The Bills are coming off their worst single-game rushing performance since 1997, a 13-yard effort in a surprising loss to the Raiders in Oakland. In his first action since fracturing his collarbone in Week 7, C.J. Spiller ran four times for minus-four yards. Veteran Fred Jackson wasn’t much better (six carries, 10 yards), while Boobie Dixon had three carries for seven yards. For a team considered to have one of the deepest and most diverse running games in the league, it was a sad performance. Overall, the Bills are 25th in the league in running the ball (91.9 rushing yards per game) and 26th in the NFL in yards per carry (3.7). Jackson is still their No. 1 back, at least statistically (123 carries, 467 yards, 2 TDs), while Dixon (98 carries, 405 yards, 1 TD) and Spiller (73 carries, 283 yards, 0 TDs) round out the backfield. As a team, they’ve failed to hit 100 yards on the ground as a team in eight of their 15 games this season.
They have enough pass catchers to really test the New England secondary.
Led by Kyle Orton (64 percent completion rate, 2,842 yards, 17 TDs, 10 INTs), the Bills have developed a relatively well-rounded passing game. Rookie receiver Sammy Watkins (62 catches on 123 targets, team-high 925 yards, 6 TDs) has emerged as one of the better young pass catchers in the league, while running back Fred Jackson (65 catches, 87 targets, 497 yards, 1 TD), receiver Robert Woods (61 catches, 100 targets, 660 yards, 4 TDs) and tight end Scott Chandler (46 catches, 69 targets, 477 yards, 3 TDs). One of the ways that opposing teams have been able to really test the Patriots is with a deep passing game, going after third and fourth options as they try and stress young corners like Logan Ryan and Malcolm Butler. Chandler has always been a handful for New England — while he isn’t an overwhelming presence a la Rob Gronkowski, his consistency against the Patriots has always been impressive. (He had six catches on nine targets for 105 yards in the October contest against the Patriots in Buffalo.)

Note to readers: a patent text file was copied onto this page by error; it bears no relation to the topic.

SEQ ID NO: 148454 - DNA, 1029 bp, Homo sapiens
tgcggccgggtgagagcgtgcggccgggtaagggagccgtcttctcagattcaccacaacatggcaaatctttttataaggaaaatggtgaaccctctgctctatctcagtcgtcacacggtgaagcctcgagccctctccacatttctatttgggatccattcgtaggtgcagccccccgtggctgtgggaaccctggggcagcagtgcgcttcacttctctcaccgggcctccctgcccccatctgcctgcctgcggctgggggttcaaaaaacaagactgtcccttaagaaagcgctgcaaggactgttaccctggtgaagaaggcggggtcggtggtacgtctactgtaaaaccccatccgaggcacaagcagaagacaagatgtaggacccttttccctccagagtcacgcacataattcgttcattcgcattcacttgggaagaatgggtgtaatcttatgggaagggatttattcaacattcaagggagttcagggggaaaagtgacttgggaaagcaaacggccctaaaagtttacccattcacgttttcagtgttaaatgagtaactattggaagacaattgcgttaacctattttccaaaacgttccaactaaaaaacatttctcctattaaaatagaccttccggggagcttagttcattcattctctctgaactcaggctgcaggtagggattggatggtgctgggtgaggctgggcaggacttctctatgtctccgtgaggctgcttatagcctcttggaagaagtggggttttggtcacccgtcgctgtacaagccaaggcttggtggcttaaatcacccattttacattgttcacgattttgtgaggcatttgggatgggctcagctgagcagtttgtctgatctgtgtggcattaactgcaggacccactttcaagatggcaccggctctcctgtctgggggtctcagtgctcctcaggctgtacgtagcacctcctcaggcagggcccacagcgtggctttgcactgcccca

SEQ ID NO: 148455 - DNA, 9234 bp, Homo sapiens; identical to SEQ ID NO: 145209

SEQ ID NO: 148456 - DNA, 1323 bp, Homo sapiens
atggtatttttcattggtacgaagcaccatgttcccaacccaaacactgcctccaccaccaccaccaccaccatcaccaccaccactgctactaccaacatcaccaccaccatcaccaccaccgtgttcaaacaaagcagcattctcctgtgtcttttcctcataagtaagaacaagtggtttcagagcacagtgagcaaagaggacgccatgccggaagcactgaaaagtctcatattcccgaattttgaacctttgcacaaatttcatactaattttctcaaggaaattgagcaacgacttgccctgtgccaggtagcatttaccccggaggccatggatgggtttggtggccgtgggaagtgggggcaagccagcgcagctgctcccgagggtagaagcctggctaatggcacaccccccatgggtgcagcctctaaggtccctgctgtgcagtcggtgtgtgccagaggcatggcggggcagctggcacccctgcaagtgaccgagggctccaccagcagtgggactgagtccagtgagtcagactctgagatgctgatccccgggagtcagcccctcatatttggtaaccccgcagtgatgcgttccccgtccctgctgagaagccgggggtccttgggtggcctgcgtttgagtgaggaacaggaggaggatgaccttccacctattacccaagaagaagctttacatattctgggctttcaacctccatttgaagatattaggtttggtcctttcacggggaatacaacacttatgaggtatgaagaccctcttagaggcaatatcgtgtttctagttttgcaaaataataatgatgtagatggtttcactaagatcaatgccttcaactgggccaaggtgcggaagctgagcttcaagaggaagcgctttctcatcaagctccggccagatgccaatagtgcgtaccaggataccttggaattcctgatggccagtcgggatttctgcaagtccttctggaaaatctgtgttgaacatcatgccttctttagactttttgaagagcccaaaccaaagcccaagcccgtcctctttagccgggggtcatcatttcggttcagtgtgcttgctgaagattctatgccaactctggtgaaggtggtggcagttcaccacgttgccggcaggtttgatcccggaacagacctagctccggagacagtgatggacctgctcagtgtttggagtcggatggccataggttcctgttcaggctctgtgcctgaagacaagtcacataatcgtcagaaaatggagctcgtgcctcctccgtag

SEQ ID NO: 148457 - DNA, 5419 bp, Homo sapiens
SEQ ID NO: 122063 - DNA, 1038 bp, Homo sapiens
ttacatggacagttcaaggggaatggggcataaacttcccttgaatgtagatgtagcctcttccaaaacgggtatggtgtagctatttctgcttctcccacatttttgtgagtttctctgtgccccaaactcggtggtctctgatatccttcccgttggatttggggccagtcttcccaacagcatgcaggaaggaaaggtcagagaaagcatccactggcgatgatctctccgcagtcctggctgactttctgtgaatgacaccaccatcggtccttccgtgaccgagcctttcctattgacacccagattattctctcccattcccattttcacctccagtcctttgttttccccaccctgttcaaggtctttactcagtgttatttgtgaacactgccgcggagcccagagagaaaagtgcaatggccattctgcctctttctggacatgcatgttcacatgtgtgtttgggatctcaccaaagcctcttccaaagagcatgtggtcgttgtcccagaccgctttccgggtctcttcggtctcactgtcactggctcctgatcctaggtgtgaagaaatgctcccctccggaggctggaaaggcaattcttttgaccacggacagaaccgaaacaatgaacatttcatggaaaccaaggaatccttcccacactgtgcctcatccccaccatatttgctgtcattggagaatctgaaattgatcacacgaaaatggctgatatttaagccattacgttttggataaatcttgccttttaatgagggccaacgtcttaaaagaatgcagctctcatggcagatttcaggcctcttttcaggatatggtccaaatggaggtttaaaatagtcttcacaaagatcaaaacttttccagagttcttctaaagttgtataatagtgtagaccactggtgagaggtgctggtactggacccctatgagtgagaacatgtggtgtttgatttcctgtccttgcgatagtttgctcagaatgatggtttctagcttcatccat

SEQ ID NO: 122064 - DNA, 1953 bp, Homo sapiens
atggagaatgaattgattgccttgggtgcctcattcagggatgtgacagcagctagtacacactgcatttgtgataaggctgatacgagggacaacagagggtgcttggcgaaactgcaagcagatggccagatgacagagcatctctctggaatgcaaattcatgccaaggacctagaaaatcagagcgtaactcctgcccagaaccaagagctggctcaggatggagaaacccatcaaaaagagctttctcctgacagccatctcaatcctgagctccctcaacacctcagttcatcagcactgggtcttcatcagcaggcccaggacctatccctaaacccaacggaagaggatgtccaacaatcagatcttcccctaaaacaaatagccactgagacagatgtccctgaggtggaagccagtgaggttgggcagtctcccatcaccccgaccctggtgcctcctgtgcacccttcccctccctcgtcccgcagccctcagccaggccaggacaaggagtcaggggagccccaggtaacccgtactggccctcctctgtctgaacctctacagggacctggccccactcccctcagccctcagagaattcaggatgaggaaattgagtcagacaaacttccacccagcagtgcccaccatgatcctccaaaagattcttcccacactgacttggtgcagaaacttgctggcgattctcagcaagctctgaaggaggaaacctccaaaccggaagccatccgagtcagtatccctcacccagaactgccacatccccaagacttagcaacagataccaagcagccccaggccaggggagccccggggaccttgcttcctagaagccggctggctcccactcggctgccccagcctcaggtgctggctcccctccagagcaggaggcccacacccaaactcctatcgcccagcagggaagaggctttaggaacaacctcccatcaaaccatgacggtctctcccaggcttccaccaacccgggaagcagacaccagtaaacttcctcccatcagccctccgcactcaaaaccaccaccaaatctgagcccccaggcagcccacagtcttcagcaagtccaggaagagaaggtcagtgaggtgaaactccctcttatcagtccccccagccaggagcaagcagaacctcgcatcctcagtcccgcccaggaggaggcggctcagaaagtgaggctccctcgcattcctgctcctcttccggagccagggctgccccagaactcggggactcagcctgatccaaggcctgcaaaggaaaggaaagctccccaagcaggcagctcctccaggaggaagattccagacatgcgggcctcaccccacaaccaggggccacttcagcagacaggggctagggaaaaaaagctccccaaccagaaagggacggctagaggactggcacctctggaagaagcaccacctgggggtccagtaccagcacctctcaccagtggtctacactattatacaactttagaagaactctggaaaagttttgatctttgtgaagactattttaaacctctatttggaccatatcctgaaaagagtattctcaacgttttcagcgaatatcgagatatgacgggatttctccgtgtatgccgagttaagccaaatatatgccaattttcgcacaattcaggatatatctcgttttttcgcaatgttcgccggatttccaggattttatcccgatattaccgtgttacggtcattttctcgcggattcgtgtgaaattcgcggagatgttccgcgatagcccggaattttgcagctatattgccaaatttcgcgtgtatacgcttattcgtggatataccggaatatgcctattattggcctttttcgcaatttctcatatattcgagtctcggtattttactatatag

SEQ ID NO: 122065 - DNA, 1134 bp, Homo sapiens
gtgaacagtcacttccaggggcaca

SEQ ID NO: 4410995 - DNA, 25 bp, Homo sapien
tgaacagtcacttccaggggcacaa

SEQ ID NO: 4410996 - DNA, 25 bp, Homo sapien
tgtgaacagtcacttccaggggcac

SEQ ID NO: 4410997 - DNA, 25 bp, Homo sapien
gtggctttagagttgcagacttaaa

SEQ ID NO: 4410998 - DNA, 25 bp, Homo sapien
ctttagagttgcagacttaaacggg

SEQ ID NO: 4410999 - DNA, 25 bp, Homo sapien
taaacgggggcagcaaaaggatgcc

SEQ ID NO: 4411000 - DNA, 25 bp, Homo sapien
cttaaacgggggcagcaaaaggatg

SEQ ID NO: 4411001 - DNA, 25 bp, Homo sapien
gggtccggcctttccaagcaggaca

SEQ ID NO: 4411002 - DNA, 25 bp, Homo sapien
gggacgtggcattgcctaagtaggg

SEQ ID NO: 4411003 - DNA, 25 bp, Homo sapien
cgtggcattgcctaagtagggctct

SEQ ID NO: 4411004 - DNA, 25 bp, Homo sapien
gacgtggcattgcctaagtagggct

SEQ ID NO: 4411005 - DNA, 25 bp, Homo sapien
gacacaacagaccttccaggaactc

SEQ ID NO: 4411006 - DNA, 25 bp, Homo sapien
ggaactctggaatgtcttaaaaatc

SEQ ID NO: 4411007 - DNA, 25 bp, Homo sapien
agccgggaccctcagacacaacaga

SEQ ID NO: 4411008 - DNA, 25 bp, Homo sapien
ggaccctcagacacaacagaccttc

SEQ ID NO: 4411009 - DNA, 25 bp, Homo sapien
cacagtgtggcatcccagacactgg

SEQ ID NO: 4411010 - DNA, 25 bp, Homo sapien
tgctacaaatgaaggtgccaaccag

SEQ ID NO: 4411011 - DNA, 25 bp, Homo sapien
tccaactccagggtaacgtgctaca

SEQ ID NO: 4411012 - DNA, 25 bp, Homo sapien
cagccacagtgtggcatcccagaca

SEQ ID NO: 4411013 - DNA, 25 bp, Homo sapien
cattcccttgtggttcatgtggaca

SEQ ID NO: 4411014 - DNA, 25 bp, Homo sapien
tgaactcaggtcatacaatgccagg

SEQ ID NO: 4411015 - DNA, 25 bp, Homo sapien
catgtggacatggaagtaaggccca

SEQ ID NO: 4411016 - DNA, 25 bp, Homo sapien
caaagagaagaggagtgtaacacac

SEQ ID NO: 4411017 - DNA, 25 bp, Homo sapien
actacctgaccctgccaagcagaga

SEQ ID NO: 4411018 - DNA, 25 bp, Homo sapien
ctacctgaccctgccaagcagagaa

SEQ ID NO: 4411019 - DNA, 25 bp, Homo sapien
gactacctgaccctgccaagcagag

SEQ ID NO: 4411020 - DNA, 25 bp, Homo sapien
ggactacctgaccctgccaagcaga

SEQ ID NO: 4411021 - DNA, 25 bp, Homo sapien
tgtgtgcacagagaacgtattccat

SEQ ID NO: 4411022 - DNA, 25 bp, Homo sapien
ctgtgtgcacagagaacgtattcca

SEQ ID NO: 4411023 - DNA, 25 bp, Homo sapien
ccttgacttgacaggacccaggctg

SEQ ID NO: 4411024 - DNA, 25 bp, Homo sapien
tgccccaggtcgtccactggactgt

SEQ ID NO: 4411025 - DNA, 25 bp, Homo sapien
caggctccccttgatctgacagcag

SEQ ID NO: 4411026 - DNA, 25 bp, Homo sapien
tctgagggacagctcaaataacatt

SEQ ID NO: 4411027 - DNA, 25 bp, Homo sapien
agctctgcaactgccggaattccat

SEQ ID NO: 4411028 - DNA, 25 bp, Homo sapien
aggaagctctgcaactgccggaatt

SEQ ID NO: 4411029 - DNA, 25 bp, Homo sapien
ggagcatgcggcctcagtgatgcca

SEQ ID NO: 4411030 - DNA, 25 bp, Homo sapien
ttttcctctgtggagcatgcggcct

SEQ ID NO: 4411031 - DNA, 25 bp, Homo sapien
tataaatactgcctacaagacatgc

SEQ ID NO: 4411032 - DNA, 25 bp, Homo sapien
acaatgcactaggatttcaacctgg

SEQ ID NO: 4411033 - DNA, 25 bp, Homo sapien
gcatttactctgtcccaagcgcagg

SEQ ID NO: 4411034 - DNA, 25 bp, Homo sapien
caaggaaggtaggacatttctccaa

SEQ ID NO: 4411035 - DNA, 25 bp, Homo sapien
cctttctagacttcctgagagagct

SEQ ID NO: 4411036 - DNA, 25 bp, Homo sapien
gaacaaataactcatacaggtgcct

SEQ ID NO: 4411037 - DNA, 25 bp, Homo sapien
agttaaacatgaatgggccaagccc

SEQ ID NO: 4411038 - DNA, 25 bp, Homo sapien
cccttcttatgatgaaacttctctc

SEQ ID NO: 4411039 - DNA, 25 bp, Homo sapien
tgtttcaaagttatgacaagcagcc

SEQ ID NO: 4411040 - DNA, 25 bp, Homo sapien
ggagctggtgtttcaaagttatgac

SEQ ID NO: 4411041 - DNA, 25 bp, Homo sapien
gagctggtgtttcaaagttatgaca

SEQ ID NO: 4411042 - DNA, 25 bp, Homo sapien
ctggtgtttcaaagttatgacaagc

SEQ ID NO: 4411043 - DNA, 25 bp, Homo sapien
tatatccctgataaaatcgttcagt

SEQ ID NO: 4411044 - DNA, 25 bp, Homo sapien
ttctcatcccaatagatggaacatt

They are one of the few teams in the league that feature a special teams unit that’s comparable to the Patriots.
The Bills are pretty good across the board when it comes to special teams. Kicker Dan Carpenter has made a league-high 33 field goals, and his 89.2 success rate is sixth in the league. (He’s had one field goal attempt blocked this year.) Punter Colton Schmidt has a respectable 43.3 average, and has placed 29 of his 61 punts inside the 20 while not having a punt blocked all season. Former Patriots practice squadder Marcus Thigpen has taken over punt return duties from Leodis McKelvin, and broke a 75-yarder for a touchdown against the Packers earlier this month. He doesn’t have enough returns to qualify for a spot among the league leaders, but his 14.8 average is best among all returners with at least nine opportunities. Thigpen also averaged 21.7 in his three return chances last Sunday against the Raiders. He’s relatively young, but has distinguished himself as a dangerous special teams threat with the Bills in a very short time. And the Bills have limited teams to an average of 20 yards per kick return (fourth-best in the league) and 6.2 yards per punt return (fifth-best in the league).